Environmental policy a specialty of Obama's solicitor general

President Obama's newly confirmed solicitor, Elena Kagan, is receiving a warm welcome from environmental lawyers and scholars who are hailing the former Harvard Law School dean for her background in administrative law and for revitalizing the school's environmental law program.

After the Senate confirmed her, 61-31, last week, Kagan became the 45th solicitor general -- and the first woman ever to hold the position. She will argue for the government in Supreme Court cases.

"Dean Kagan has a lot of experience in administrative law, so she will be especially well-attuned to these regulatory issues that typically come before the high court in environmental cases," said John Nagle, an environmental law professor at the University of Notre Dame's law school.

Kagan, 48, served in the Clinton administration from 1995 to 1999, first as associate counsel in the White House Counsel's Office and then as deputy assistant to the president for domestic policy and deputy director of the Domestic Policy Council. A graduate of Princeton University and Harvard Law, she clerked for U.S. Appeals Court Judge Abner Mikva and later for Supreme Court Justice Thurgood Marshall, himself a former solicitor general.

She returned to Harvard Law as a visiting professor in 1999 and joined the school full-time in 2001. She has served as dean since 2003.

"She left a nationally visible mark on environmental law at Harvard," said Jim Rossi, a visiting environmental law professor at Harvard on loan from Florida State University. "For many years, Harvard was not known for a primary expertise in the environmental jurisprudence, and that changed under Dean Kagan's watch."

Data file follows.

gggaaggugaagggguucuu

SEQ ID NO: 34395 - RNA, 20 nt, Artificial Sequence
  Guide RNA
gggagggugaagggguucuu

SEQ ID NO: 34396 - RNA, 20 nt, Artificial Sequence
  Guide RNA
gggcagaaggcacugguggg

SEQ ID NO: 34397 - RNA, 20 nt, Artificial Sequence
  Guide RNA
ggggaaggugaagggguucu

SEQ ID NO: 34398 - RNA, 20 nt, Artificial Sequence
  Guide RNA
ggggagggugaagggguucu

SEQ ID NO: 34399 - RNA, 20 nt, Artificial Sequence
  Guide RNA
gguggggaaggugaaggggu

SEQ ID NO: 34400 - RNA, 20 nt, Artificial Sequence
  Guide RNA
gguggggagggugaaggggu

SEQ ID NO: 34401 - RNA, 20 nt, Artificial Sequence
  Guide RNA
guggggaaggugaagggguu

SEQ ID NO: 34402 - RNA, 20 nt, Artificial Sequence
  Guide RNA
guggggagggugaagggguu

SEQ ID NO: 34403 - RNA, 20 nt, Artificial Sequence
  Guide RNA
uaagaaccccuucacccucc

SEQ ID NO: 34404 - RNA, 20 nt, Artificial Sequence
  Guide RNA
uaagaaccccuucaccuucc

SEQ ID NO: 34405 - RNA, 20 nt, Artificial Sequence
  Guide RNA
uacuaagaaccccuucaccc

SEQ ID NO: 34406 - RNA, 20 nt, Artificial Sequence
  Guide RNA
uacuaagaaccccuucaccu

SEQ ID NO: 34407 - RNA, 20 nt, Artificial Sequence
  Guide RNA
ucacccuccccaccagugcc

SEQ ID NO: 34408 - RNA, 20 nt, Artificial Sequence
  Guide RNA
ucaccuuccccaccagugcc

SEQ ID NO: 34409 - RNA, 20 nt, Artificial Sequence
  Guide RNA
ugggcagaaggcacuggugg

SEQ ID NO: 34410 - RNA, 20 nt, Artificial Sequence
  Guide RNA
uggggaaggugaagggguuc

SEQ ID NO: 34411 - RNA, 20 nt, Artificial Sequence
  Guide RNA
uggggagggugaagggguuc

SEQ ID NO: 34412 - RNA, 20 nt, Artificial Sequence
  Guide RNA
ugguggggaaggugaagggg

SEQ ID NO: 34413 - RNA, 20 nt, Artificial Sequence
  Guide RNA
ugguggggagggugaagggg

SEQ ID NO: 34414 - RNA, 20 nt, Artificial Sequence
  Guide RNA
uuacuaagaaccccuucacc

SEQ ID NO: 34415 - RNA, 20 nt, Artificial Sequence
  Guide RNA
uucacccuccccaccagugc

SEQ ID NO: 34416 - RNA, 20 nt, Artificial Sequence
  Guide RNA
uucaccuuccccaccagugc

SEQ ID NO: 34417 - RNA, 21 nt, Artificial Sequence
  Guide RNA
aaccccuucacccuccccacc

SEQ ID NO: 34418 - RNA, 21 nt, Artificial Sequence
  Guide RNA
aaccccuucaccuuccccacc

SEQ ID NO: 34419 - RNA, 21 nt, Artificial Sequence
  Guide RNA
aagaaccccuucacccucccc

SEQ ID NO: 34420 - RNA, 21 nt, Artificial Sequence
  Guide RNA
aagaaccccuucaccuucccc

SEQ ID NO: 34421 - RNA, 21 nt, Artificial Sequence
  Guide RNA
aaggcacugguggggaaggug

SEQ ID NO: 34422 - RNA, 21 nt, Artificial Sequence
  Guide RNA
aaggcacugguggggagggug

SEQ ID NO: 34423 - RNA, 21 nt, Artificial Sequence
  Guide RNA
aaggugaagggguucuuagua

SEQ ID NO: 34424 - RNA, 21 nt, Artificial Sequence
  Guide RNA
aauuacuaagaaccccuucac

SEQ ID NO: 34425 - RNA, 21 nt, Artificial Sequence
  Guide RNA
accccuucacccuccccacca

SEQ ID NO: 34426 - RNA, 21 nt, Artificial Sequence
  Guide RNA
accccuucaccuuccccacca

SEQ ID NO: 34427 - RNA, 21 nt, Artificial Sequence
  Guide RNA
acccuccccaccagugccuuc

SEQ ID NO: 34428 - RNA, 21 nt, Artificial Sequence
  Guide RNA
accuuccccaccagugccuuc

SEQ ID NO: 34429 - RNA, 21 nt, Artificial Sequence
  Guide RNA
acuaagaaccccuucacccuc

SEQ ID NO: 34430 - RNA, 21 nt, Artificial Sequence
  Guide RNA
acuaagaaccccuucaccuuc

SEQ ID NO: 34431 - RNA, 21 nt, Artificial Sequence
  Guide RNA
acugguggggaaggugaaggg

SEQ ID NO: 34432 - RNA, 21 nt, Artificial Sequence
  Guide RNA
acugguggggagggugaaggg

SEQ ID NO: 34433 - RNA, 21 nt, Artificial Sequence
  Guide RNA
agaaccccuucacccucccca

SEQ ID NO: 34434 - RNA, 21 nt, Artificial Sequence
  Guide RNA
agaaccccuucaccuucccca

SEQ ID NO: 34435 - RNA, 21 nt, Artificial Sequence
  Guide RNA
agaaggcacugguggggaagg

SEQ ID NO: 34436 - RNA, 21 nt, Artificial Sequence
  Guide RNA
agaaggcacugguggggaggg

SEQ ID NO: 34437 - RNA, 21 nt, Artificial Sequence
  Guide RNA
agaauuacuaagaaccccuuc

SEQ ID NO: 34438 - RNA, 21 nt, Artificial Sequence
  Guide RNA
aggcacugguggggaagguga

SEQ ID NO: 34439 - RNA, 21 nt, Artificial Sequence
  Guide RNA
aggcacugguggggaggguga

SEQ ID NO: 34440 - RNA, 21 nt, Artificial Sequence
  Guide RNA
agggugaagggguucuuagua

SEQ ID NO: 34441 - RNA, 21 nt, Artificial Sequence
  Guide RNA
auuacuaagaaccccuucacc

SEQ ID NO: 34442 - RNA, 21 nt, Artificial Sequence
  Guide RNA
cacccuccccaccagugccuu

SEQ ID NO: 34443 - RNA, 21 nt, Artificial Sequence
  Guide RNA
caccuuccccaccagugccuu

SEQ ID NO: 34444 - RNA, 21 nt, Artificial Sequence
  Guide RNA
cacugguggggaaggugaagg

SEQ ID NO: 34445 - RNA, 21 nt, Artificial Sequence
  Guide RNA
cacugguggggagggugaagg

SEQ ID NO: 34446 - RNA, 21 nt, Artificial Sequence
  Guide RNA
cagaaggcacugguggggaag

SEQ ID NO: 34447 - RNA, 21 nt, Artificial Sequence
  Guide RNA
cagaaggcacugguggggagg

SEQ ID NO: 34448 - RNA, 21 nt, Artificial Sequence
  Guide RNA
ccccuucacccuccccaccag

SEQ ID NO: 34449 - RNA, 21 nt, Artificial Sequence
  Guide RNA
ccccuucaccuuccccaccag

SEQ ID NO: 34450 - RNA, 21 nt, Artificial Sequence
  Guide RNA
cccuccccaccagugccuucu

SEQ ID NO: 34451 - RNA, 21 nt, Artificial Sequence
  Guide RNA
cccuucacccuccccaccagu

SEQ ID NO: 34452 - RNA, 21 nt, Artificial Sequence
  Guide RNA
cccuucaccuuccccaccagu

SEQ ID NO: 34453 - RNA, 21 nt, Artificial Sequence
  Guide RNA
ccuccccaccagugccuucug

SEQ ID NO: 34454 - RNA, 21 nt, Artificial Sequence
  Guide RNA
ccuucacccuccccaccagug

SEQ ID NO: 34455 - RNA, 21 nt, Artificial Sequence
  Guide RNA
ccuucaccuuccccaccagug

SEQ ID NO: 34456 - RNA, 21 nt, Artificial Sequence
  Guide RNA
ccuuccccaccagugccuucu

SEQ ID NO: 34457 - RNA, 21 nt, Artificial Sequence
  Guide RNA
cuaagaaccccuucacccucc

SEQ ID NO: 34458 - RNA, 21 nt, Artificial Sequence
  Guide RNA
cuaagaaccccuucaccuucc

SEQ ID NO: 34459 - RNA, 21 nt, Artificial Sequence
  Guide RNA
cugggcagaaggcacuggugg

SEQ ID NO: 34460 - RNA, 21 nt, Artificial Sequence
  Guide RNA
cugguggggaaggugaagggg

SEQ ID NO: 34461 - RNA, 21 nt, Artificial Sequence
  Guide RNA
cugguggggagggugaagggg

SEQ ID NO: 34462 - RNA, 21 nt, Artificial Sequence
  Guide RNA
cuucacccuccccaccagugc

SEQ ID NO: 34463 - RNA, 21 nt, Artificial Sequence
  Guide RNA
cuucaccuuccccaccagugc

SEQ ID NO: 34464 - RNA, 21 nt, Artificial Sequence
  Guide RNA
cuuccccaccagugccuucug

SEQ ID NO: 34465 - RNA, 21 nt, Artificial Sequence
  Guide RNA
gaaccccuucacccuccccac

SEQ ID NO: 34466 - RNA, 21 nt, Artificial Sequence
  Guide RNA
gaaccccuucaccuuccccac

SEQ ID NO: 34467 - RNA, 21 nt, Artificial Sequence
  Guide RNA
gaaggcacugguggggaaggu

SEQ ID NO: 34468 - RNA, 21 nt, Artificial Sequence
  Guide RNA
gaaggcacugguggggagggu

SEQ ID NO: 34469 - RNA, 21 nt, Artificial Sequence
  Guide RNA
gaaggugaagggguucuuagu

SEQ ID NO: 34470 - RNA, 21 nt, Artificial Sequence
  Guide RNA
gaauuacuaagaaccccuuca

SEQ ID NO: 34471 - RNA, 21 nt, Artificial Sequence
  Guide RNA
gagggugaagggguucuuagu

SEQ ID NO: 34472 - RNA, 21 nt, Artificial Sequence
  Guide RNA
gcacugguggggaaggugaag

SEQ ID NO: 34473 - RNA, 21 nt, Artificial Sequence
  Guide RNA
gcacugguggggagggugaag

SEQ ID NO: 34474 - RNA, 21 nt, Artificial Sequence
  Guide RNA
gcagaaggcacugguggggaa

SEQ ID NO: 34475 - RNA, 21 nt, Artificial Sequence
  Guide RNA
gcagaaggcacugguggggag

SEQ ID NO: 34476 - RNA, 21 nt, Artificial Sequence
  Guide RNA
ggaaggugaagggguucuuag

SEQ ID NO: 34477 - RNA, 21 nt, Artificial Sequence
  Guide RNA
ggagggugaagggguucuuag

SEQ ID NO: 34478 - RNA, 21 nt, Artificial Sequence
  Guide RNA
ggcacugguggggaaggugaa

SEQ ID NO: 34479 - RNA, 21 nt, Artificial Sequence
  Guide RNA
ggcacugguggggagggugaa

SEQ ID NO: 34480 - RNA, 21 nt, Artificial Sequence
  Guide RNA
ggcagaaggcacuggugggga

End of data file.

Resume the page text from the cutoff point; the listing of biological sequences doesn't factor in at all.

Rossi said Kagan was responsible for some smart hires and for bringing high-profile visitors in environmental law and boosting clinical offerings in that area.

In 2005, Kagan lured Jody Freeman away from UCLA School of Law to become the founding director of Harvard's Environmental Law Program. A national expert in environmental policy and regulation, Freeman recently accepted a post as counselor for energy and climate change in the Obama White House.


"While Elena will obviously have a very broad focus, she was an active promoter of the environmental law program at Harvard and was a big believer in the importance of looking at issues like climate change," said John Leshy, an environmental law scholar at the University of California Hastings College of the Law. "She will serve the administration well in this area."

Nicknamed the "10th justice," the solicitor general plays a role in about two-thirds of the Supreme Court's cases, and the justices often invite the counsel to provide an opinion on whether to take a pending appeal.

"A basic role of the solicitor general is to defend the laws duly enacted by Congress and the agencies, not just of the administration that appointed him or her," said Jay Austin, who heads the Environmental Law Institute's program monitoring Supreme Court environmental litigation.

"Still, the solicitor general's office can shape the flow of legal issues, by deciding when to petition for [review], or by arguing that the court should deny cert on cases that the administration might prefer not to defend," Austin said. "Like her predecessors, Dean Kagan will doubtless deploy these tools to bring environmental and other legal policies more closely in line with the current administration.'"